Thursday, June 28, 2018
Nonprofit Quarterly: Mayo Clinic’s Primary Activity Could Cost It Millions in Taxes, by Michael Wyland:
When people think of the Mayo Clinic, they think of doctors and nurses providing health care to patients from all over the world. Mayo is also well known for its rich history of medical research and education. A seemingly minor provision of the US Tax Code, however, makes it very important to define which aspect of the organization is its primary activity.
Here’s the details: 501c3 organizations that make money on debt-financed real estate investments typically owe unrelated business income taxes (UBIT) because that income is unrelated to their charitable purpose. However, educational institutions are exempted from this provision and do not owe the tax.
Mayo Clinic claims its primary function is as an educational institution. They have 3,800 enrolled students and provide part-time instruction for up to 100,000 health care professionals annually. Mayo says it meets the legal standard for an educational institution: “a regular faculty and curriculum for a regularly enrolled group of students attending at a place where teaching is normally carried out.” Based on this, Mayo is seeking more than $11 million in refunds of taxes paid since the early 2000s on its debt-financed real estate investments.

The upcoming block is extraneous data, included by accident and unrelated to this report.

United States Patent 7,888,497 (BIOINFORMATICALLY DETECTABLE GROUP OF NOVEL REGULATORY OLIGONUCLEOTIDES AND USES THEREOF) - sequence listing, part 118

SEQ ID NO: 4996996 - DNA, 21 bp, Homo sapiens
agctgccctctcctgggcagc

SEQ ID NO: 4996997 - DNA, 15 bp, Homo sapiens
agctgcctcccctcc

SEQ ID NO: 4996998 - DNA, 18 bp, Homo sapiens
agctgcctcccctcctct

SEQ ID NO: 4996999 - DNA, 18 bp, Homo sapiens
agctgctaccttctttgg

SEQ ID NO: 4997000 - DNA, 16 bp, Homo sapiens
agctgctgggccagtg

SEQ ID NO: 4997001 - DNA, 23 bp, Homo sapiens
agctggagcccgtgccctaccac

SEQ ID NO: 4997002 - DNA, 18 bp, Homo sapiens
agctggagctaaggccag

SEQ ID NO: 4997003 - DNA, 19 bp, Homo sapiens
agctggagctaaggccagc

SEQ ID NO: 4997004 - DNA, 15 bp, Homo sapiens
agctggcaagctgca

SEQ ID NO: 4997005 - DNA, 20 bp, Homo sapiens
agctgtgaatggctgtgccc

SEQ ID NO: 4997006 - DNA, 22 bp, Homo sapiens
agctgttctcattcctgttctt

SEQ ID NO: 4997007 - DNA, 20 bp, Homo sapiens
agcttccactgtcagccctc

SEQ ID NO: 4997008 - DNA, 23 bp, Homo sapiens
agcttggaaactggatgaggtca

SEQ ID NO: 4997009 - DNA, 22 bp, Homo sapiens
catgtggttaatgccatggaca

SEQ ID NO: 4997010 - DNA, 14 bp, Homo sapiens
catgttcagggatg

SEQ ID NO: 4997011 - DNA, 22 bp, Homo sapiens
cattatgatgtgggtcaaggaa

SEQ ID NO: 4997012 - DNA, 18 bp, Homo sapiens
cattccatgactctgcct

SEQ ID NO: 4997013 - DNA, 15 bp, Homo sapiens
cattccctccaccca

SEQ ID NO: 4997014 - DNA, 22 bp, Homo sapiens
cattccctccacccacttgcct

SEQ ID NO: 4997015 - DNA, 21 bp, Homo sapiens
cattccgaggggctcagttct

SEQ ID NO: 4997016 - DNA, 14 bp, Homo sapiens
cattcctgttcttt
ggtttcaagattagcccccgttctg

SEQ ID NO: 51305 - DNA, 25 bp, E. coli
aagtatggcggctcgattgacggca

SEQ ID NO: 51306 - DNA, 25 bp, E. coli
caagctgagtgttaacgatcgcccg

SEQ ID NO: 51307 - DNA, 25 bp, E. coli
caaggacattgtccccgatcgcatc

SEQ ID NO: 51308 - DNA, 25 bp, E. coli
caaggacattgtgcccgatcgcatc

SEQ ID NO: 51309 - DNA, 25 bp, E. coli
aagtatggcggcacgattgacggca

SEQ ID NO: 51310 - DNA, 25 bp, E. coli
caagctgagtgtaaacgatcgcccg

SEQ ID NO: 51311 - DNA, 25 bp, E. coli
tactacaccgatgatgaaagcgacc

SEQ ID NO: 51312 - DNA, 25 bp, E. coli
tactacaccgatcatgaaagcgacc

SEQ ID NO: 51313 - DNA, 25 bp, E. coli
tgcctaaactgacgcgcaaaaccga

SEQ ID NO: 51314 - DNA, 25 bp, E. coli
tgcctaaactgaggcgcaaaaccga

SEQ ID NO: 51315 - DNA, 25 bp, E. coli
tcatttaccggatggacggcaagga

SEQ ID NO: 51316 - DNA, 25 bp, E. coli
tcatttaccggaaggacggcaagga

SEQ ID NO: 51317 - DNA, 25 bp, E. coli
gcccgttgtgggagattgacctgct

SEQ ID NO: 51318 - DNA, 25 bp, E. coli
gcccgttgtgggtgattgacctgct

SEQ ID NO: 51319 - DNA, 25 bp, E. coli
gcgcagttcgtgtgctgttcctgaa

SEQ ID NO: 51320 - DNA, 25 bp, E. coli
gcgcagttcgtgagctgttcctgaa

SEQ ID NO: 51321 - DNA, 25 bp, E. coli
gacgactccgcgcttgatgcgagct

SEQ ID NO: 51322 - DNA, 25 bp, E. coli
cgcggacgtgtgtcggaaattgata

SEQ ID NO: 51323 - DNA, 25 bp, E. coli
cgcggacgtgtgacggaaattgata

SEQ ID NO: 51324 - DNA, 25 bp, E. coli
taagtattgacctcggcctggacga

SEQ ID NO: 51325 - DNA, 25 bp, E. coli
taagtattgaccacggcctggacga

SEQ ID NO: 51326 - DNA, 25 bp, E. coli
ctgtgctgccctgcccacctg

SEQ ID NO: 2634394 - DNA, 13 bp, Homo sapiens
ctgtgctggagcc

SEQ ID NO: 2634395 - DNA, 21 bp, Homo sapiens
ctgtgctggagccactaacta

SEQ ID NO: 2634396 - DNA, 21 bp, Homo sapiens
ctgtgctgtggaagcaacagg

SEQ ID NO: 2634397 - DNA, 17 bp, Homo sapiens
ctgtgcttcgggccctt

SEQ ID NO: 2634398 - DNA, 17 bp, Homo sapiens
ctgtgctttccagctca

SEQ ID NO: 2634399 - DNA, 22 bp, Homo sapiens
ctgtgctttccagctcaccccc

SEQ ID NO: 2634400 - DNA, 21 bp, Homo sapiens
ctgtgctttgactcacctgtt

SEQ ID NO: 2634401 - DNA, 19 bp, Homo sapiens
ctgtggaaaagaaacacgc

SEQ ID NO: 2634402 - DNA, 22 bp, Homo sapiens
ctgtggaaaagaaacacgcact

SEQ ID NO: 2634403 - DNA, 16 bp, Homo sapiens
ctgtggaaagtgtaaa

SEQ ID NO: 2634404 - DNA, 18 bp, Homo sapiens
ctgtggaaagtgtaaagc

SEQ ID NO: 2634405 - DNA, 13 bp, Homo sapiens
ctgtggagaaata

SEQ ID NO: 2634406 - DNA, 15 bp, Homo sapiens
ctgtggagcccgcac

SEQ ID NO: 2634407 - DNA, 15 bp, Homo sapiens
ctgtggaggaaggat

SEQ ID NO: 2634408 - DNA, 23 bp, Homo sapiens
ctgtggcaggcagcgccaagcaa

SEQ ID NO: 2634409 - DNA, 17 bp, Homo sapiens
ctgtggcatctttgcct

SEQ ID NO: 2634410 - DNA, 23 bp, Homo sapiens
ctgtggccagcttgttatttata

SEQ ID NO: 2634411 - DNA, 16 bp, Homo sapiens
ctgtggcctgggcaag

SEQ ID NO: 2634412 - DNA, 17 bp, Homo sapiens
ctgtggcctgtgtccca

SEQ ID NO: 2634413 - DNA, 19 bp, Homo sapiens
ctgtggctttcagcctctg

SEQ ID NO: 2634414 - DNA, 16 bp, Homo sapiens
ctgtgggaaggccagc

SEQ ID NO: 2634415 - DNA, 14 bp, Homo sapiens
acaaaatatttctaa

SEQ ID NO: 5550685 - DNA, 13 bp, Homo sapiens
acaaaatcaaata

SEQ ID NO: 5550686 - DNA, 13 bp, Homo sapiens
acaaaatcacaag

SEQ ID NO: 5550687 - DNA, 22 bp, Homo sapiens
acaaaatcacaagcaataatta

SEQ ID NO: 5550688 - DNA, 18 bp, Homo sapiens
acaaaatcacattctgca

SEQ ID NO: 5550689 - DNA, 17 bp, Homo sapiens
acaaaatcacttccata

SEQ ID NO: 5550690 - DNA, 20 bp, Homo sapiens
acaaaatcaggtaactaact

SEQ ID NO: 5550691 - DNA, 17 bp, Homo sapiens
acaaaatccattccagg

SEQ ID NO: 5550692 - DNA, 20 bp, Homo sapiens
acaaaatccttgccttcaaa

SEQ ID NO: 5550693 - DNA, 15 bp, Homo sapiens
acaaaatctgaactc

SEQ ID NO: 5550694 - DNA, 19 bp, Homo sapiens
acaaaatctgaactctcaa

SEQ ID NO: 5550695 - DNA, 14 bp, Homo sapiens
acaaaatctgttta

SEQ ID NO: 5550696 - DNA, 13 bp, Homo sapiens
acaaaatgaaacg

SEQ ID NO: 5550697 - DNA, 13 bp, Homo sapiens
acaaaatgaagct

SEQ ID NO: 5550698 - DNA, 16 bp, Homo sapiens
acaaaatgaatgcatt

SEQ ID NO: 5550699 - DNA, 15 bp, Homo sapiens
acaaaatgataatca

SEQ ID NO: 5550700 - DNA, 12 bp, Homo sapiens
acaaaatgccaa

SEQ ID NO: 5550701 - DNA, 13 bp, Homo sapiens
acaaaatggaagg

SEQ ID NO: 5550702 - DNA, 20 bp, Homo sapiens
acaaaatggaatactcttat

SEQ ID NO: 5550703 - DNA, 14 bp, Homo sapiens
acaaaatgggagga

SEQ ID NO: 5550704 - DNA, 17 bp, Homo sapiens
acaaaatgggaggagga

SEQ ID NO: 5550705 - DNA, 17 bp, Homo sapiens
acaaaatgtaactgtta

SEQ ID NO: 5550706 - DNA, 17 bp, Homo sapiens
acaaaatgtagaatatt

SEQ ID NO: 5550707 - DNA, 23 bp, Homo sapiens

The IRS, on the other hand, looks at Mayo’s March 2018 $16.3 billion balance sheet and $2.6 billion in health care services revenue earned in the first quarter of the year and determines that its primary activity is health care. Adding strength to this finance-based argument is the omission in Mayo’s financials of any specific mention of revenue earned from providing educational services.
Minneapolis Star-Tribune, Is Mayo Primarily a Clinic? Millions in Tax Refunds at Stake